Friday, October 26, 2007

Hat's Off New York

New York Magazine has been writing profiles of "serious" music composers with a slant toward the popular side of the musical coin. Two of the most recent ones are Sufjan Stevens crossing over from pop and Nico Muhly (a Philip Glass' protege) While some could quip about this it doesn't change that fact that they are covering serious-go-to-a-concert-hall-sit-still-and-listen-intently music.

And who wouldn't want to hear music by these guys working in this exciting time of anything goes music for classical forces. Musicians are uniquely qualified to play more and more types of music than ever before with all of them having grown up with just about whatever they wanted to hear at their fingertips. There is no lack of composers who do many different styles of "serious" music coming at it from both sides.

There seems to be less of a sense of emulation at work in the music of younger composers. There is a great sense of craft in the music of Nico Muhly who I must shamelessly plug as being one of John Schaefer's selections for his New Sounds Live series at Merkin Concert Hall. Having to arrange music for a pop star on the fly is no easy task and many people who have done this in the past rarely were taken seriously. Having worked for Bjork (among others) must have been a rather expansive experience as her musical ideas are no less august works of a serious nature.

I'm so happy to see that music is still well on the move toward the center. I still admit my love for the thorny, intricate works of those who do it well but that's a bit further around the bend for many listeners. Let's have singing, dancing, spoken word, multi-media art performances that actually refer to our human condition today. This is how we get the really great older stuff in front of the crowd and we know there's plenty of that. The composers that New York will (hopefully) continue to profile are excellent jump-off points for bringing in future fans of the new thing. We didn't all think that onions were the best thing to eat when younger and uninitiated. Let the initiations begin!

Tuesday, October 16, 2007

The Good Fight

I attended a concert at Manhattan School of Music last evening which showcased the faculty of the new music program there. It was an evening of excellent programming and performances. What struck me most as I sat there enjoying hearing many old friends was the typical feeling of "wow, we're all grown up now" but I also thought how lucky these young musicians are to have such fine examples to emulate. When I was in school you had to go a little farther away from school to hear this kind of music.

All of the music was handled with style and grace by the now yeoman members of the faculty for new music that Patti Monson surrounds her students with. The performance all had a sparkle to them in that they were played with a real care and love for the language they were speaking. Navigating through the scores of some very different composers as a listener was easier than I thought it would be from just looking at the score. The placement of pieces worked well together and gave the evening a nice shape.

I could get into the whole rant of cloistered music in the ivory tower etc. but MSM is doing a service to these kids by showing them the people who make sacrifices to follow the dream of playing the music they love. They are also offering these concerts for free which allows for the experimentation I want to keep my eye on.

Having your own new music ensemble is a business venture but it rarely supports its musicians on its own. Many of the performers also teach which can be one of the inevitabilities of a career in music but some are supplementing in other ways which is another reality to be exhibited. Some are playing on Broadway or have other jobs. In short, few of them are making music solely on their own terms. I hope that is something the students soak in as they get into the market themselves.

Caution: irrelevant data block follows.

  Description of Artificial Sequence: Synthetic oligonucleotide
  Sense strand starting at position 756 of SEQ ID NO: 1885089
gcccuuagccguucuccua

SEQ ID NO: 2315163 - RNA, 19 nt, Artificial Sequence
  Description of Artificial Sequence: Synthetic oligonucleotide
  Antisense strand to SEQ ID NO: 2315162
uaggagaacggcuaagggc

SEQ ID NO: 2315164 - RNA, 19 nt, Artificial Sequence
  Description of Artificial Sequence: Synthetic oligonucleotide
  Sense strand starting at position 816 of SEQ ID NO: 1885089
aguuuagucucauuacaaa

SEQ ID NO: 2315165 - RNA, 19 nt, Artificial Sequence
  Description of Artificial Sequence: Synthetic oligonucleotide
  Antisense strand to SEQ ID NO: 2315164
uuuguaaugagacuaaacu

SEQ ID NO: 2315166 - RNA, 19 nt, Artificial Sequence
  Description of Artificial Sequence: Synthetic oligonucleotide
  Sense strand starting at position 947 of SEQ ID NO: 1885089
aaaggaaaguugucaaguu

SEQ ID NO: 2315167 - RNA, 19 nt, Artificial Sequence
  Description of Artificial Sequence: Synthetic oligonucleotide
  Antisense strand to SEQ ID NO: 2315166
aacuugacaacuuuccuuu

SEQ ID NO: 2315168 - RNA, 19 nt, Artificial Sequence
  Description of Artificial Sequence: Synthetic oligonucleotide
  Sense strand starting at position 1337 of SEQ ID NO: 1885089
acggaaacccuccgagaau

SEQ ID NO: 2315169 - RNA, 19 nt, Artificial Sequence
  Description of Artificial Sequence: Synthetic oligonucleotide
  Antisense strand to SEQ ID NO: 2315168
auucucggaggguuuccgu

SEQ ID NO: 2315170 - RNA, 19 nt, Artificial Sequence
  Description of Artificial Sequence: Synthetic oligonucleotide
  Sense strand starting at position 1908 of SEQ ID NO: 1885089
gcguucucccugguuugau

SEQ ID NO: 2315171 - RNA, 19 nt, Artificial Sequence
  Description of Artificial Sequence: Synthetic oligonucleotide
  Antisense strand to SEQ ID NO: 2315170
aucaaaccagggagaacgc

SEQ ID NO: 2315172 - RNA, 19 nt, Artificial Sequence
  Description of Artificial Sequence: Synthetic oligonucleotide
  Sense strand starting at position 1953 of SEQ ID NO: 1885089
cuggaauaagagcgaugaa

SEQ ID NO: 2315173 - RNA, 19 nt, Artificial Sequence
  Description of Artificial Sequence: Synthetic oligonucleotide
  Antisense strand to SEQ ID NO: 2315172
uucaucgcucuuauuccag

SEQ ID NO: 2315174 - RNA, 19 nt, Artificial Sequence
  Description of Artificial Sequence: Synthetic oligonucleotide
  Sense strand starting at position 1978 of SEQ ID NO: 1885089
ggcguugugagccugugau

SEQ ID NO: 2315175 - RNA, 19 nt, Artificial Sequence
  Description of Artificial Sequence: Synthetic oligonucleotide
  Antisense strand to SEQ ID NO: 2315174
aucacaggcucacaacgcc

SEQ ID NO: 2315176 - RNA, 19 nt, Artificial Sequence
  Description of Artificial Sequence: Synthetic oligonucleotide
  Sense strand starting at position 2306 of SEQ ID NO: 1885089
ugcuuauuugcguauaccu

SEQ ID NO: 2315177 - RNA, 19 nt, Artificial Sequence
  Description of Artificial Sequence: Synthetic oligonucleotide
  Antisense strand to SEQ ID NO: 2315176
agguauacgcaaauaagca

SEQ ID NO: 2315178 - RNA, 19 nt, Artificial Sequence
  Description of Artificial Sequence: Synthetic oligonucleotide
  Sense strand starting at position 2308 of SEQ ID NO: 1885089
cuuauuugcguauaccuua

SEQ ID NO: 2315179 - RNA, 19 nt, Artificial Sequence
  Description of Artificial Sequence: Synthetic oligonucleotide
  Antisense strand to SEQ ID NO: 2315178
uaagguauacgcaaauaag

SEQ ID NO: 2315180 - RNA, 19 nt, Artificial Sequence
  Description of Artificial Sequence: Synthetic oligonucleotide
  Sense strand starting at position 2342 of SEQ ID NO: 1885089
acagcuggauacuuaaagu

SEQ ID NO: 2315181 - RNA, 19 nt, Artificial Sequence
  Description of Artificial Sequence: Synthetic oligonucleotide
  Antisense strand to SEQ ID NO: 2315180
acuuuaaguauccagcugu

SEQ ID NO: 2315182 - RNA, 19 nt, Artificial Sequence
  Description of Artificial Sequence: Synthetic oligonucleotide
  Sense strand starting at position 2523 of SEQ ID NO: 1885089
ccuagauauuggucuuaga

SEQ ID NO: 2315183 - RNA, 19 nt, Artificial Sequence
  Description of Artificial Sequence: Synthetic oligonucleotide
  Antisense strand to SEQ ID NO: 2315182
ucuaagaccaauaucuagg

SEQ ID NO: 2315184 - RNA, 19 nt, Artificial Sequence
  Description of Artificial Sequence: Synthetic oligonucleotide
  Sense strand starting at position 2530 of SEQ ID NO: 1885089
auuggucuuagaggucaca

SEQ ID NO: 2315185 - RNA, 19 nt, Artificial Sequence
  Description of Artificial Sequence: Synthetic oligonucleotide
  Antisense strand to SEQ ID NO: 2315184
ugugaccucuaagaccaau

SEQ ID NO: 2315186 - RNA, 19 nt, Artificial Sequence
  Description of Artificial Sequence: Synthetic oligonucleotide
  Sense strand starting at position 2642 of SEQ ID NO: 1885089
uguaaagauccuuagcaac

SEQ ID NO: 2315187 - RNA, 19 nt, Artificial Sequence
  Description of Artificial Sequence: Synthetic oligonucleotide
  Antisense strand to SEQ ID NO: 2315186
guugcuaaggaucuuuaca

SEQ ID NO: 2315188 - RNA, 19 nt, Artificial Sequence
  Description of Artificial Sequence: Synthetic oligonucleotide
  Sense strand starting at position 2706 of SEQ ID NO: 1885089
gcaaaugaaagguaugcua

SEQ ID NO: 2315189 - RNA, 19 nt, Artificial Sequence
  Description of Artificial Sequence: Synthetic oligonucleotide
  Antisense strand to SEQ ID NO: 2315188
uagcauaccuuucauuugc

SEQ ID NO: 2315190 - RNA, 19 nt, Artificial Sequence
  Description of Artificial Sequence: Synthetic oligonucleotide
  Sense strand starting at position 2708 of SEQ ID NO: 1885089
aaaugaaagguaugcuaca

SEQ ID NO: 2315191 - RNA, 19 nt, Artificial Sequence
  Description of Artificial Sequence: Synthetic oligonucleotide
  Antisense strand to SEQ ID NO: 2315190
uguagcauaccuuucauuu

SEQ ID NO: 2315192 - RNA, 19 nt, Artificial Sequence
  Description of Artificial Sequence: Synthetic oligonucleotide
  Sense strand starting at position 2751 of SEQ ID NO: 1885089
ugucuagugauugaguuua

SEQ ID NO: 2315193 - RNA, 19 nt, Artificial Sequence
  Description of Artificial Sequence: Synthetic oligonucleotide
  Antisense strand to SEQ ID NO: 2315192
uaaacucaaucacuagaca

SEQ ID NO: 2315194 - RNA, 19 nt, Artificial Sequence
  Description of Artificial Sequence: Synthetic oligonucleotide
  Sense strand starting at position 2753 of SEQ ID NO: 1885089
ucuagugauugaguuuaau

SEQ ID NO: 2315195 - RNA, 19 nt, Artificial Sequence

The music played was Wuorinen (Trombone Trio); Shapey (Movement of Varied Moments for Two); Tenney (Beast); Ades (Sonata da Caccia); Turnage (Two Baudelaire Songs); Lowenstern (Hum). There was also a special secret premiere of a new solo vocal work by Elliott Carter (also on Baudelaire) expertly sung by Lucy Shelton.

Thursday, August 9, 2007

Music as Soundtrack

I guess this is kind of a rant.

Music seems to be more and more the soundtrack to people's personal journies through the world. It allows them a detachment in that is often valuable in situations when you don't want to engage with society at large. Very often this can be annoying as I've found on the Greenway here in NYC as I dodge joggers, walkers, and other cyclists who have no problem taking their detached selves into the world as I ride my bike to work. This is less of a problem when simply walking around but when in an area where you have to share space such as a sidewalk next to the river it presents potentially dangerous problems.

Having said that I also feel that the musical experience has lost its social appeal. People insulate themselves with their mp3 players and have the magical ability to create their own personal soundtracks to accompany whatever they are doing. While this is great it seems to go against the idea that music has a use. It brings people together. I guess listening to your own music could lead to that and I certainly don't think people should start carrying boom boxes around but I still love it when I can strike up a conversation on a train or elsewhere. Shared experiences have special appeal. I find myself trying to look over peoples shoulders or listening very carefully to know what they are listening to in secret hopes that it will be something I know too.

Monday, July 16, 2007

Sound Off

I keep hearing more and more how people are getting their music from download services and not buying cds anymore. I am not one of this crowd. Even though I can admit to the amount of clutter in my life due to cds and albums (yes I'm that old) stacked up in multiple places throughout the house. I just can't seem to let go of the feeling of the "get". Bringing the record home like when I was 14 and bought Zep's In Through The Out Door (see, told you I was old) or wouldn't allow myself to listen to the New York Phil's recording of The Planets (Bernstein, 73) until I had read the liner notes.